Thousands of British churches turn ‘green’
“Climate change is one of the great moral challenges of our time, it's fantastic to see churches doing their bit to ensure they reduce their impact on the environment”, Nicholas Holtam, Bishop of Salisbury, said.
LONDON · 03 AUGUST 2018 · 19:45 CET
More than 5,500 churches, including fifteen of the UK's most famous Anglican cathedrals, have turned to renewable power to tackle climate change.
Church of England, Baptist, Methodist, Quaker, Salvation Army places of worship have made the switch to 100% renewable electricity, and faith leaders are urging more to follow .
“CLIMATE CHANGE IS HURTING THE POOR”
Church leaders warned that “climate change is an enormous injustice and is hurting the poor first and worst”.
“Switching to responsible sources of electricity may seem like a small thing on its own, but when joined together it can make a real difference”, they added.
Knowing that the average annual church electricity bill is around £1000, it is estimated that British churches have diverted more than five million pounds from fossil fuels to clean energy providers.
The Church of England's procurement group Parish Buying has made possible that the cathedrals run on 100% renewable electricity, turning its bulk electricity basket to 100% renewable.
Meanwhile, other churches have made the move through the Big Church Switch campaign run by Christian charities Christian Aid and Tearfund and the Church of England's Environment Programme.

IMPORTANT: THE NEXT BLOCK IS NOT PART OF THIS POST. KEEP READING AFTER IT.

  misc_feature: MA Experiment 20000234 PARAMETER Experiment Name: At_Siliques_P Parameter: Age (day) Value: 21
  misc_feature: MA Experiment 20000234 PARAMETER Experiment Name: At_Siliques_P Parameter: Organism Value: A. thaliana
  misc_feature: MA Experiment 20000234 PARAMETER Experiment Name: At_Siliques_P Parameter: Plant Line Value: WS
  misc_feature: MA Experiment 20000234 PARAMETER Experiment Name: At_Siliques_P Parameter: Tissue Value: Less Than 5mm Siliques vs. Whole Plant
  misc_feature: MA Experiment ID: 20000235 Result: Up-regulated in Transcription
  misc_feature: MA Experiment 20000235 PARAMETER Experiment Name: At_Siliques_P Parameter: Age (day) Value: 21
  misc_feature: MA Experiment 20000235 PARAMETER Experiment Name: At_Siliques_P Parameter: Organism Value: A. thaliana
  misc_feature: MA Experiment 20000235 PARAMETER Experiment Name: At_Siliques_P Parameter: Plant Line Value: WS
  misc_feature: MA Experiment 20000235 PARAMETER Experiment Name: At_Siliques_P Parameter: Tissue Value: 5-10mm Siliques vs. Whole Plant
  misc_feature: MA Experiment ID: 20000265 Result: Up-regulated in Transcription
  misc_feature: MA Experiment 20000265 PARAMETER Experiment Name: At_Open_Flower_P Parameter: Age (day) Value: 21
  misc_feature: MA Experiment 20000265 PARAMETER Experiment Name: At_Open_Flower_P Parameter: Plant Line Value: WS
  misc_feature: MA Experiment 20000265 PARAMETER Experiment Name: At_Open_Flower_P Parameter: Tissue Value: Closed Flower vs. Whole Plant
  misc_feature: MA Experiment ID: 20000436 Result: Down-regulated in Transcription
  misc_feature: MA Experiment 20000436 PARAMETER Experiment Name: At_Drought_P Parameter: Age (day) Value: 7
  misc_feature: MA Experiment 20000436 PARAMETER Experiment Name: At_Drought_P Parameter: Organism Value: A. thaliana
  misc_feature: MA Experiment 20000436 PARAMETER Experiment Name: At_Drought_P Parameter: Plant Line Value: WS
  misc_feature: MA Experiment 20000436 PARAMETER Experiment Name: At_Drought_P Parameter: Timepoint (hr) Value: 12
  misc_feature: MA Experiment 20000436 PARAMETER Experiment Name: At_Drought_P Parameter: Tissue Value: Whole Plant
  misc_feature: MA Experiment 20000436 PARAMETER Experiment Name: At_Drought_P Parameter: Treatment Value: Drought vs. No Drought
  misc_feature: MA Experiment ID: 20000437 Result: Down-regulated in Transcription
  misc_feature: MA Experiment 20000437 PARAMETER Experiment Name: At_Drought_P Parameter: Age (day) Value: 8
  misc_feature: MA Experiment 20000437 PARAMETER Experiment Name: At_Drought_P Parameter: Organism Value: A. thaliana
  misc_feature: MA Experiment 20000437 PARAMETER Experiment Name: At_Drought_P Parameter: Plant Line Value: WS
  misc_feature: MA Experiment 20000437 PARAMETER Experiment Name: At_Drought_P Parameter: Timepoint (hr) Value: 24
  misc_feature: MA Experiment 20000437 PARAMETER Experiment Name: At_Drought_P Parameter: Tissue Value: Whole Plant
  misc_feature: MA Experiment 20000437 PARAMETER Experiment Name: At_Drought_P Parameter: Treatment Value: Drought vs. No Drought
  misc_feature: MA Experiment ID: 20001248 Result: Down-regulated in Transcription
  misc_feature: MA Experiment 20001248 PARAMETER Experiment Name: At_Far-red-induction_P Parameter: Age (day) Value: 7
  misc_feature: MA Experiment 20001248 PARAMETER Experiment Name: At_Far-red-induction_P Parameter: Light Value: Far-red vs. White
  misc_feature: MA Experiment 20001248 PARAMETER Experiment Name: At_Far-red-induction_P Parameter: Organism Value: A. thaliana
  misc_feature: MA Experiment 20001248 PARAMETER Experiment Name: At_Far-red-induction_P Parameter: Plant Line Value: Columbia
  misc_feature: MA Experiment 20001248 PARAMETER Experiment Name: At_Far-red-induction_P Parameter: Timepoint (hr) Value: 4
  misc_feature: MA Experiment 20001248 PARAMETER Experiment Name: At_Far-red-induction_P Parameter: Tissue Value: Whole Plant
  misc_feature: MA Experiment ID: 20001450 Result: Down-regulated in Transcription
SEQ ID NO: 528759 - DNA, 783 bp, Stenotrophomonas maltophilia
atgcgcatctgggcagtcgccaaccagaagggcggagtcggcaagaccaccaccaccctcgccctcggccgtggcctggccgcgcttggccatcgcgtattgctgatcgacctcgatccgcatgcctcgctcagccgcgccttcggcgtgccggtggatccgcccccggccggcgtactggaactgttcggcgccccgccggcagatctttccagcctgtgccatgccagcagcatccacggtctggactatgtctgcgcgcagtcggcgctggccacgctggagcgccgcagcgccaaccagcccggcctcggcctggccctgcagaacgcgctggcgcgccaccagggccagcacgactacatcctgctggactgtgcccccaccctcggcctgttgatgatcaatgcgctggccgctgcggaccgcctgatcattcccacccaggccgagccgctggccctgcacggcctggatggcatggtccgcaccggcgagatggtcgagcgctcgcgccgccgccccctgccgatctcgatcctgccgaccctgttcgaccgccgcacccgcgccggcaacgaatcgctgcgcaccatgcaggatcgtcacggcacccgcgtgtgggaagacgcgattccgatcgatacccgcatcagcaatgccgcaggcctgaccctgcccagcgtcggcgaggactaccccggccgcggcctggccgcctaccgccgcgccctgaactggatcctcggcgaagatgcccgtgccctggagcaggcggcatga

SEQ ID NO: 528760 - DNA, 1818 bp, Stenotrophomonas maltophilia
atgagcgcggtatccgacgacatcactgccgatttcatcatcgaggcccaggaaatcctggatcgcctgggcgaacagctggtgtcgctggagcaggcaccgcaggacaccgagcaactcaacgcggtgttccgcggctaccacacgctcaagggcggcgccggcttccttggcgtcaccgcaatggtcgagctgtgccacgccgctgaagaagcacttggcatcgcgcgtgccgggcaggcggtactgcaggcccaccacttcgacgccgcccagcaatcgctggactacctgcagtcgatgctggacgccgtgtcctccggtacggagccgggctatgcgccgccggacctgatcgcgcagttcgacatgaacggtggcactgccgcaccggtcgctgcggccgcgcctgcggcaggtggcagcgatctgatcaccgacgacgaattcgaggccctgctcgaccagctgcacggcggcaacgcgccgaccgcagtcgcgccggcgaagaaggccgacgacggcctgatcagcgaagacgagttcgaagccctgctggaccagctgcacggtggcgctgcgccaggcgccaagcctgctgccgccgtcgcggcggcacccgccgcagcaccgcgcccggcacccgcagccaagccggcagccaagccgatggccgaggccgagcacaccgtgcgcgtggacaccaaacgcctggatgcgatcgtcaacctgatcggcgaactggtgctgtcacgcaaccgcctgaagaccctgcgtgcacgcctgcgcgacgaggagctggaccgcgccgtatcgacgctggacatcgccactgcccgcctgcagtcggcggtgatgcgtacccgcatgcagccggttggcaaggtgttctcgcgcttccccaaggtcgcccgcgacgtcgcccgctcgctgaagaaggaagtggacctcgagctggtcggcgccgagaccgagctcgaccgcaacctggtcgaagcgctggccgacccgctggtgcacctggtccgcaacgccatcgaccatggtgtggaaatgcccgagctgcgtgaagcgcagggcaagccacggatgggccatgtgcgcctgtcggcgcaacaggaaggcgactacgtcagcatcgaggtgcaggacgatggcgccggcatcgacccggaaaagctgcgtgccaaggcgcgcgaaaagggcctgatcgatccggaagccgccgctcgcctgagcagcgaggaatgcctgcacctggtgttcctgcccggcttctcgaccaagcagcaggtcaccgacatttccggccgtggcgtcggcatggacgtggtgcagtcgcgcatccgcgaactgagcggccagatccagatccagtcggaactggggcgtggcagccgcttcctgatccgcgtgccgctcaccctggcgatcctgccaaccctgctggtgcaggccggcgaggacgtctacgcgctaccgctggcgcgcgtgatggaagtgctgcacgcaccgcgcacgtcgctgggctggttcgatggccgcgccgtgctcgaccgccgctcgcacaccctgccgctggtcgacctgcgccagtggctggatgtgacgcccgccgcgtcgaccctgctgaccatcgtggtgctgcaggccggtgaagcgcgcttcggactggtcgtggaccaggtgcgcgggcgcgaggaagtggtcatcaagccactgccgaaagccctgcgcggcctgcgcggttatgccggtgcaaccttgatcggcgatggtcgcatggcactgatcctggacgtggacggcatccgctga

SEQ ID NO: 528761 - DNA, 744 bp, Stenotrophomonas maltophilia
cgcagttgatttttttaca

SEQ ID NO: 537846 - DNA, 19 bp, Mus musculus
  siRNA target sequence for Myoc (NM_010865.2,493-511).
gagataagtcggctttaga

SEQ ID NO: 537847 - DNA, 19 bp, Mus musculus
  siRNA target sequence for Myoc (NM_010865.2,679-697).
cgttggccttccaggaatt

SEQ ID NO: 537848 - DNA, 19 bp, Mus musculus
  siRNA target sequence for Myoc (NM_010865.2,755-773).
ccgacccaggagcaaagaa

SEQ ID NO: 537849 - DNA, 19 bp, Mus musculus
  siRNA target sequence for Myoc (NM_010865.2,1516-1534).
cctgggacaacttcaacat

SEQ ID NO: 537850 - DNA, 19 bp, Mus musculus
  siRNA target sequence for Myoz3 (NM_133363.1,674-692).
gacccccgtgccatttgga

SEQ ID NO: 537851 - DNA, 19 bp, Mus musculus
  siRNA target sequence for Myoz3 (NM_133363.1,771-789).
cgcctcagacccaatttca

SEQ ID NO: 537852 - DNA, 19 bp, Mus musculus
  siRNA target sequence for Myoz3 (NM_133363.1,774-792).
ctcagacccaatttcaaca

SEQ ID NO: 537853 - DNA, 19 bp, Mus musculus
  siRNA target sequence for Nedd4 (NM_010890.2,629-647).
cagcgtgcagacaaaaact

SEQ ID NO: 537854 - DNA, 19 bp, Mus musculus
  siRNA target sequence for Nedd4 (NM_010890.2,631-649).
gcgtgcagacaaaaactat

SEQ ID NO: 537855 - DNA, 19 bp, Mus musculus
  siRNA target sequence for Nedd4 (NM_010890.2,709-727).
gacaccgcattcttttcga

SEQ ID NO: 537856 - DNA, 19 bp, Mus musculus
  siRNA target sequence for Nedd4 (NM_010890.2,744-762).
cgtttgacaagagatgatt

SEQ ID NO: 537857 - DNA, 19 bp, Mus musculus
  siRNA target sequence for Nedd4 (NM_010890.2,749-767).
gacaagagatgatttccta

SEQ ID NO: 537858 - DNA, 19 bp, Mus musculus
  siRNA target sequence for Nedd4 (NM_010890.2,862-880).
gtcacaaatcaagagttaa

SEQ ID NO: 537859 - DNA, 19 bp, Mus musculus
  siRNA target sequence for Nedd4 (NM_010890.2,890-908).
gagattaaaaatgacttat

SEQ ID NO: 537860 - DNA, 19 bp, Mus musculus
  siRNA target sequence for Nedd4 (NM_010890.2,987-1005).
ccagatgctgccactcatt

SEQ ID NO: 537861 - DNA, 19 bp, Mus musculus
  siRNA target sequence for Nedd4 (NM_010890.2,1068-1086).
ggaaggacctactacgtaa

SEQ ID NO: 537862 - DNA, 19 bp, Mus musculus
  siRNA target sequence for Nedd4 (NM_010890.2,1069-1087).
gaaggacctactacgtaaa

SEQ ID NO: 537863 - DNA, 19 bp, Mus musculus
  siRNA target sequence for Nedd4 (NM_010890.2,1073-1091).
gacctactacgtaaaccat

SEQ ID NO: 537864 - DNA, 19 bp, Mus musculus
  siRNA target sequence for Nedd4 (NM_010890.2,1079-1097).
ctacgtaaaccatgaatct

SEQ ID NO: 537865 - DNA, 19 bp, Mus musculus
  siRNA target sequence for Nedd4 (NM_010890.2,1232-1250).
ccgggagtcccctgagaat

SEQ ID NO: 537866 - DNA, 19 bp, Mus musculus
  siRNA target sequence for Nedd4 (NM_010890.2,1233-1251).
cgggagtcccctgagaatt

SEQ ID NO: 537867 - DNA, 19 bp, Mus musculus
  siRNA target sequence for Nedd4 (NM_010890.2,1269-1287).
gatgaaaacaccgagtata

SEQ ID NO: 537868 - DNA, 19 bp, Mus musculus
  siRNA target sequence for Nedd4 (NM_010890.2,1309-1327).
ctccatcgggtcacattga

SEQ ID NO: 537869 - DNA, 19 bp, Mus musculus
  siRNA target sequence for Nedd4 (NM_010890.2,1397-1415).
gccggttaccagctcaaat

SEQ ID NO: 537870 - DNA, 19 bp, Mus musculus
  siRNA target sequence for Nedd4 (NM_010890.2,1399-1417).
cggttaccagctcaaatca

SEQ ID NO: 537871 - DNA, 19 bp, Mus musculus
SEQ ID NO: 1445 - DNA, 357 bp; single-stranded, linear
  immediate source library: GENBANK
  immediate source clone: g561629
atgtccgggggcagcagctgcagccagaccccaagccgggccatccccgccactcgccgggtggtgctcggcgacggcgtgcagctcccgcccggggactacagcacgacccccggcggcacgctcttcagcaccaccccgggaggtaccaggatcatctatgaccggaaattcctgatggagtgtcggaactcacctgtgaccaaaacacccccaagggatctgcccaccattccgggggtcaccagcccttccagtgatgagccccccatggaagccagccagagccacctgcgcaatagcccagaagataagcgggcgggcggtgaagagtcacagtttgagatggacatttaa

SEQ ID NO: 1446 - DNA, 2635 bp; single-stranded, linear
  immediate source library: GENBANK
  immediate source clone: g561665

“CHURCHES ARE PART OF A GLOBAL NETWORK”
Christian Aid explained that “often the renewable energy tariff is cheaper than the fossil fuel-dominated one they were on before”.
“Climate change is one of the great moral challenges of our time and so it's fantastic to see churches doing their bit to ensure they reduce their impact on the environment”, Nicholas Holtam, Bishop of Salisbury and the Church of England's lead bishop on the environment, said.
With this decision, churches “are also giving a boost to clean energy, which is essential to reduce harmful carbon emissions”, he pointed out.
Former archbishop of Canterbury and chairman of Christian Aid Dr Rowan Williams said the Church of England had agreed to sell its shares in fossil fuel companies, to meet the aims of the Paris Agreement on tackling climate change.
“Churches are part of a global network and so are often very aware of the plight of our brothers and sisters suffering from droughts, floods and extreme weather around the world”, he concluded.